Arbour was 34 years old, and despite winning 3 Stanley Cups and proving his defensive talent, had played a grand total of 395 games over 14 seasons -- an average of 28 a season, and hadn't played in more than 6 in 5 years. Expansion was the answer, and the St. Louis Blues, laden with discarded veterans, not only gave him his chance, but made him their Captain.
(Yes, he wore glasses on the ice. He wasn't the last NHL player to do so, but he was one of the last.)
That move, and the ones to gain veteran players like Jacques Plante, Doug Harvey and Red Berenson, paid off. For the 1st 3 seasons of the expansion era, the NHL put the "Original Six" in the Eastern Division and the "Second Six" in the Western Division. Thus, Chicago and Detroit were in the East, while Philadelphia and Pittsburgh were in the West. This was designed to ensure that an expansion team would reach the Finals every year.
And the Blues won the West in 1968, 1969 and 1970. And got swept by the Montreal Canadiens in 4 straight in '68, got swept by the Habs again in '69, and got swept by the Boston Bruins in '70.
In other words, it didn't work out the way the NHL had hoped. So realignment came in, by geography, and the Blues... haven't been to the Finals since the Beatles broke up, and have still never won a Finals game in 48 years. They've usually been good, but never good enough.
Before the 1970-71 season, head coach Scotty Bowman was lured away by the Canadiens, who must have been impressed despite their sweeps of his team in '68 and '69. Arbour was named interim head coach until Bill McCreary Sr. came in. But the Blues fell victim to the realignment, and McCreary was fired, and Arbour was named player-coach. He retired as a player after the '71 season, and continued to coach the Blues in '72 and '73.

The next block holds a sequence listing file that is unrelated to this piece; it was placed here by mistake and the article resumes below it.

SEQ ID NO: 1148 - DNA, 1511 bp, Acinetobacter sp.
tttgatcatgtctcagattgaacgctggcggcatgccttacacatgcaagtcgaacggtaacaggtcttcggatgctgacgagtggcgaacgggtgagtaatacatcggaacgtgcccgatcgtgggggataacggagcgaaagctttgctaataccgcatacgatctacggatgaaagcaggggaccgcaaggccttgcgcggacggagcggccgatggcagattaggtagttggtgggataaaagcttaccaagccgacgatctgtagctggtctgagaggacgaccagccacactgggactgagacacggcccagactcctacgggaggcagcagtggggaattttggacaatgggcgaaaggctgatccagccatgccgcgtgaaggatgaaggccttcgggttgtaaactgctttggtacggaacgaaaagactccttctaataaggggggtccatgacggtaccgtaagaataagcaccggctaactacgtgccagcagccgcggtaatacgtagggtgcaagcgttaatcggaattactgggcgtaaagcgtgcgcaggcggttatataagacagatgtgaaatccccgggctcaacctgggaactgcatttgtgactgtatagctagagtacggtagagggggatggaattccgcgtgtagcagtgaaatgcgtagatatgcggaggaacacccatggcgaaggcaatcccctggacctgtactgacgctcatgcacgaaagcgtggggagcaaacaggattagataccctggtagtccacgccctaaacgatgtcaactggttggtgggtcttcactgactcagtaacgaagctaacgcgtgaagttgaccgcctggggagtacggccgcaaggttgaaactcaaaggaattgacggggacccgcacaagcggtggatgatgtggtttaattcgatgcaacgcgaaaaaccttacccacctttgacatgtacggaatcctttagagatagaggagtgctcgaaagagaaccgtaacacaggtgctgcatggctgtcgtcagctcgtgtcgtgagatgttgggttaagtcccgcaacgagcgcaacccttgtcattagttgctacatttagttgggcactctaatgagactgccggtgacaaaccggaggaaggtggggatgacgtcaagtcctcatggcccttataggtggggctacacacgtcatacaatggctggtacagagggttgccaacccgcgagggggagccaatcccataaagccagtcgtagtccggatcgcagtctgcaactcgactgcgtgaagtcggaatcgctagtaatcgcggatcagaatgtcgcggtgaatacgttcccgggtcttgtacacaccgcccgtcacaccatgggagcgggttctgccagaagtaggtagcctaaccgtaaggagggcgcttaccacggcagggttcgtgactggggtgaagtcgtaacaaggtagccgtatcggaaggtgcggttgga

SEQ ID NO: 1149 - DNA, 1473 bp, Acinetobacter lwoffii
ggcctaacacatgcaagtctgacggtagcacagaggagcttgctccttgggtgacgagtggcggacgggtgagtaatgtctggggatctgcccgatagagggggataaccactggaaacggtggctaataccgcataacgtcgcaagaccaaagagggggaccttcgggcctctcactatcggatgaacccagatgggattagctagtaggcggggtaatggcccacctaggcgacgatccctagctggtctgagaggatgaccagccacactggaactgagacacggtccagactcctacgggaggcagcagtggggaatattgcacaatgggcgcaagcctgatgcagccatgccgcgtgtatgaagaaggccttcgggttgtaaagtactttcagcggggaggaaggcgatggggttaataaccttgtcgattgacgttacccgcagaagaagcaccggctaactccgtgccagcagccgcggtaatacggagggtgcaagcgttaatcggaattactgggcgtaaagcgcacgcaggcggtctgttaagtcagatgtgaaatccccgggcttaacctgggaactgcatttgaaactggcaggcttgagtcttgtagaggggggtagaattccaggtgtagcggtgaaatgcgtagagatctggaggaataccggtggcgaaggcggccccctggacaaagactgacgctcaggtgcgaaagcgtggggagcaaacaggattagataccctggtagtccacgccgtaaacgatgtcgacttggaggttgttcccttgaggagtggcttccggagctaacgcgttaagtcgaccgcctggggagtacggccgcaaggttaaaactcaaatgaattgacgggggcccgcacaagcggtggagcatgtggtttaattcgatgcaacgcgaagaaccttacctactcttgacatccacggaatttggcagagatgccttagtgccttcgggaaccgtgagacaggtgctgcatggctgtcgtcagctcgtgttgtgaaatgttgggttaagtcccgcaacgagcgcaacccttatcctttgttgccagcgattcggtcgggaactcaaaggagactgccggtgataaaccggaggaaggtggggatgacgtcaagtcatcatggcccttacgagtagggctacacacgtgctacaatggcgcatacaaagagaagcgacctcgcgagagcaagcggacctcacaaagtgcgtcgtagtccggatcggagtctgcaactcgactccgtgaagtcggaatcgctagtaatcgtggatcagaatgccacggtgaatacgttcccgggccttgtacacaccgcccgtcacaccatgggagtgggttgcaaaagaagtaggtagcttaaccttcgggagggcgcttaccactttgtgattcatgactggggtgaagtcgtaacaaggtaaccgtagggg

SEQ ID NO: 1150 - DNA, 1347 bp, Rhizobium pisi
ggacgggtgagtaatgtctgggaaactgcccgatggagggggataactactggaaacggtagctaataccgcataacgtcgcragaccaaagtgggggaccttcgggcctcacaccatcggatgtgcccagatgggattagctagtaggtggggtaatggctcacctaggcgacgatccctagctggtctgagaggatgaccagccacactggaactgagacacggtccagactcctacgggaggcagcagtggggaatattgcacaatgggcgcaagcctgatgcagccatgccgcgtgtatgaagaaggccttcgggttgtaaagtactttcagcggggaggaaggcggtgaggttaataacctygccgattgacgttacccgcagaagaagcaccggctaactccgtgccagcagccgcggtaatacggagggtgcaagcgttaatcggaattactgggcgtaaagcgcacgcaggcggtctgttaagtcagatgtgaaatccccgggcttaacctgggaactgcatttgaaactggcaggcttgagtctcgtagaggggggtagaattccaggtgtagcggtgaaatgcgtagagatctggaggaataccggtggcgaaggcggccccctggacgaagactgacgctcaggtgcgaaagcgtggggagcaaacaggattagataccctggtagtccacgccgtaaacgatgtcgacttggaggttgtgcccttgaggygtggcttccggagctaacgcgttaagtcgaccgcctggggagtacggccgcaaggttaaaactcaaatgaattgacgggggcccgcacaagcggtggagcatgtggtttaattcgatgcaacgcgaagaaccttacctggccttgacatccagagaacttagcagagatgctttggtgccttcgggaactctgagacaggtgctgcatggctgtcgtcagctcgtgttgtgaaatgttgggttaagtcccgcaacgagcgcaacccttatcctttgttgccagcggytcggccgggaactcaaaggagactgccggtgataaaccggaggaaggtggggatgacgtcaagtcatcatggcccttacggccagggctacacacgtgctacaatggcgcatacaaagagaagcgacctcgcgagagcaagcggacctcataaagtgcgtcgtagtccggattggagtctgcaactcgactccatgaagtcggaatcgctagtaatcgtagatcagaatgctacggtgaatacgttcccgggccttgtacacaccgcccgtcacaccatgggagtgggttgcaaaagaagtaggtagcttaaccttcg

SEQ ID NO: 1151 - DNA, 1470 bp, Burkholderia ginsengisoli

The NHL continued to expand, and in 1972-73, the New York Islanders debuted at the Nassau Coliseum. Like most new teams, their 1st season was dreadful. Original coach Phil Goyette was awful, and replacement Earl Ingarfield was no better. So general manager hired Arbour, who was respected around the league.
After their 1st-ever win against their built-in archrivals, the New York Rangers, future Hall of Fame defenseman Brad Park noticed the changes that Torrey and Arbour were making, saying, "They have a system. They look like a hockey team." (Contrast that with the Devils' 2nd season, in which Wayne Gretzky, harshly but accurately, said they were "putting a Mickey Mouse operation out on the ice.")
Because of his glasses, he was said to resemble actor Gary Burghoff and his M*A*S*H character, Corporal Walter "Radar" O'Reilly, and he seemed very intuitive as a coach, so he was also nicknamed Radar. Today, a Daily News writer remarked that, with his behind-the-times hair and suits, he looked like a character on Mad Men.
In 1975, Arbour got his young Islander team into the Playoffs in their 3rd season, his 2nd. Then they shocked the Rangers, clinching at The Garden. Then they fell behind the Pittsburgh Penguins 3 games to none... and won 4 straight to take the series in 7 games, something that had only happened once before in NHL history. (In the 1942 Finals, the Wings won the 1st 3, and the Leafs won the next 4.) Then they almost did it again, falling behind the Cup holders, the Philadelphia Flyers, 3 games to none, and taking it to a Game 7, before the Flyers' experience edge showed.
In 1976 and 1977, the Isles lost to the Montreal Canadiens, who went on to win 4 straight Cups under Bowman. In 1978, the Isles had the best overall record in the NHL -- the President's Trophy wouldn't be first awarded for this until the 1985-86 season -- but got shocked by the Leafs, in a rare moment of glory for them. (They got to the Semifinals before falling to the Canadiens.)
In 1979, the Isles and the Rangers had an epic Semifinal, which the Rangers finally won, before losing to the Canadiens. Isles fans could say the Rangers hadn't won the Cup since 1940 -- or, as they chanted, "Nine-teen-for-ty! (clap, clap, clap-clap-clap)" But, however long ago, the Rangers had won it. Ranger fans, and fans all over North America, could say that the Islanders couldn't win the big one.